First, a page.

Three weeks ago, I drove to a sagging brick Victorian in midtown Detroit to watch the three-piece post-folk band The Hand in the Ocean play a house show with four other acts. Upon arriving, I was ushered through a courtyard splashed with orange torchlight where a cream pullet ran free and enclaves of Pabst-sipping hipsters gabbled and puffed Native American Spirits. Inside, I slapped the requisite fives and settled in to listen to a young banjo-wielding enchantress named Van Lente sing the last of her set. Posted in front of the stairwell, I felt a hand on the back of my calf and turned in time to see a placid, mustached twenty-something flick away the mosquito he had just picked off of me. I smiled, said thank you and thought little more of it until, half an hour later, my blood's preservationist ambled up to the makeshift stage and performed magic with a 3/4 guitar and a whispery, ghost-riddled voice. His name was Mike Flores and in between songs he murmured delightfully obscure Simpson references and recounted clipped stories of his stint in jail--the same jail, he explained, where rapper Tupac Shakur was ostensibly violated with a broomstick. In total, he looked up all of two times throughout his set, and the shame that seemed to hold his eyes to the floor was both unsettling and captivating. So captivating that, after his set, I recruited the services of the burgeoning filmmaker Jeremy Dulac and invited Flores back to Detroit to shoot a session and interview for Fogged Clarity. He agreed and two weeks later we were sitting across from each other at the Union Street Saloon on Woodward Avenue.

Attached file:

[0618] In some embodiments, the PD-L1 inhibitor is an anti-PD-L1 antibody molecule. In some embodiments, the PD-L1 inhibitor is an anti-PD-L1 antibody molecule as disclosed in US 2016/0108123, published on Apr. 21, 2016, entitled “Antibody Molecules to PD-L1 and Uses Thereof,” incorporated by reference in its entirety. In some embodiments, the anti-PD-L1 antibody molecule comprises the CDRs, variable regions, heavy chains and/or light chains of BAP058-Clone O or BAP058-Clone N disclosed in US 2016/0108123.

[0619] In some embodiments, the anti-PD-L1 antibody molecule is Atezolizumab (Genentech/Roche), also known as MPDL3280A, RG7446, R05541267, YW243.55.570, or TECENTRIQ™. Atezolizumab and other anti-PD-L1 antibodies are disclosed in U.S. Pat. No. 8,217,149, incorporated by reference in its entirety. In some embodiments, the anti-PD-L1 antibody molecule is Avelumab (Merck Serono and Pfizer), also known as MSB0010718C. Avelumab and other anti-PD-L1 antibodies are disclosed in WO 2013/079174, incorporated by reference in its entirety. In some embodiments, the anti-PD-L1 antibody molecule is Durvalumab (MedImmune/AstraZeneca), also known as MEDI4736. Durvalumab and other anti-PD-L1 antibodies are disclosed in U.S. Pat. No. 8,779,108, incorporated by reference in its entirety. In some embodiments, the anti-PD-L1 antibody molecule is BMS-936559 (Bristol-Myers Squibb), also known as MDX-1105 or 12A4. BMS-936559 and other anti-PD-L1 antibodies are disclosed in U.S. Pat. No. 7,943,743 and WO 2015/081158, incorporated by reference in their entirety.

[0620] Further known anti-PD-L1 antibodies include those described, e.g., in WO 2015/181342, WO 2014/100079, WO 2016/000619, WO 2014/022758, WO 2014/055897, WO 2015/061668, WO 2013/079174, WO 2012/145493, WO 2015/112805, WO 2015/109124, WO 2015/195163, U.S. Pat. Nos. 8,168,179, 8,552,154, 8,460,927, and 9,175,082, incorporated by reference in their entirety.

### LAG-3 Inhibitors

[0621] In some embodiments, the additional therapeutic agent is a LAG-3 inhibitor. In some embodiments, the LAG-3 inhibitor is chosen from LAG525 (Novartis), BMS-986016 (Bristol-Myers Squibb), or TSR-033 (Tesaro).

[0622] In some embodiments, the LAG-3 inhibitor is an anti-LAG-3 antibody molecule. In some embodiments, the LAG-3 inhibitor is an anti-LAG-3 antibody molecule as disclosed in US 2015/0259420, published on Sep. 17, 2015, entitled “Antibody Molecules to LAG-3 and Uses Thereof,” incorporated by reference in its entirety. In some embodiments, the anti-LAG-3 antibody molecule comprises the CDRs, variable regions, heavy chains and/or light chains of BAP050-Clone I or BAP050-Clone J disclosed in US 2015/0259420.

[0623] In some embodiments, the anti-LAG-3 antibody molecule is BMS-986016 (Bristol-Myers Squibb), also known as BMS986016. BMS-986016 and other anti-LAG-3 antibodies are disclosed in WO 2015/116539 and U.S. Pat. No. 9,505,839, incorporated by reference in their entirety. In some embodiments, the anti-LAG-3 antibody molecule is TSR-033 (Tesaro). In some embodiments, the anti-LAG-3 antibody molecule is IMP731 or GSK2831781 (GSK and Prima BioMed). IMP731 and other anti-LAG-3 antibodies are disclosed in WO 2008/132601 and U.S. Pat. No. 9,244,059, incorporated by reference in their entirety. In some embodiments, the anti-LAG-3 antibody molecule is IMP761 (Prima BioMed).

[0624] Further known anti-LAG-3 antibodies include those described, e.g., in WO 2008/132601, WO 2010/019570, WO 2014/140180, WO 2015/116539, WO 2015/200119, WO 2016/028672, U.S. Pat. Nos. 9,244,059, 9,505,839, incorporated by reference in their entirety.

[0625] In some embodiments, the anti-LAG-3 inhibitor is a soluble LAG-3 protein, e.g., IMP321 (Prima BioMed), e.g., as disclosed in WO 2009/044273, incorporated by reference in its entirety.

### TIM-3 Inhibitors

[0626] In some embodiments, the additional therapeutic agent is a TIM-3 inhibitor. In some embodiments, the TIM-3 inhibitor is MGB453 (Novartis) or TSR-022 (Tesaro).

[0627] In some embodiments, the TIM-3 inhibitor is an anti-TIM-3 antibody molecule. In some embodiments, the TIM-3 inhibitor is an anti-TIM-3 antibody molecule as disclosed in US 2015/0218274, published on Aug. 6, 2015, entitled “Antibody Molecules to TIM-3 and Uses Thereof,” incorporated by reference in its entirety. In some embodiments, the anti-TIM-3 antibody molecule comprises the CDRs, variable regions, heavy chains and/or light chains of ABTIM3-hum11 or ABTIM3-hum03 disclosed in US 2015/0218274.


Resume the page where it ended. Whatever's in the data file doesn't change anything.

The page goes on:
Flores had taken the bus from Saginaw with only a guitar (sans case), a backpack and an avocado--which he produced and rested above his flatware in the midst of our conversation. We got on easily. Flores is good-humored and mellow, and he was extremely candid in sharing his story with me. Shortly af...
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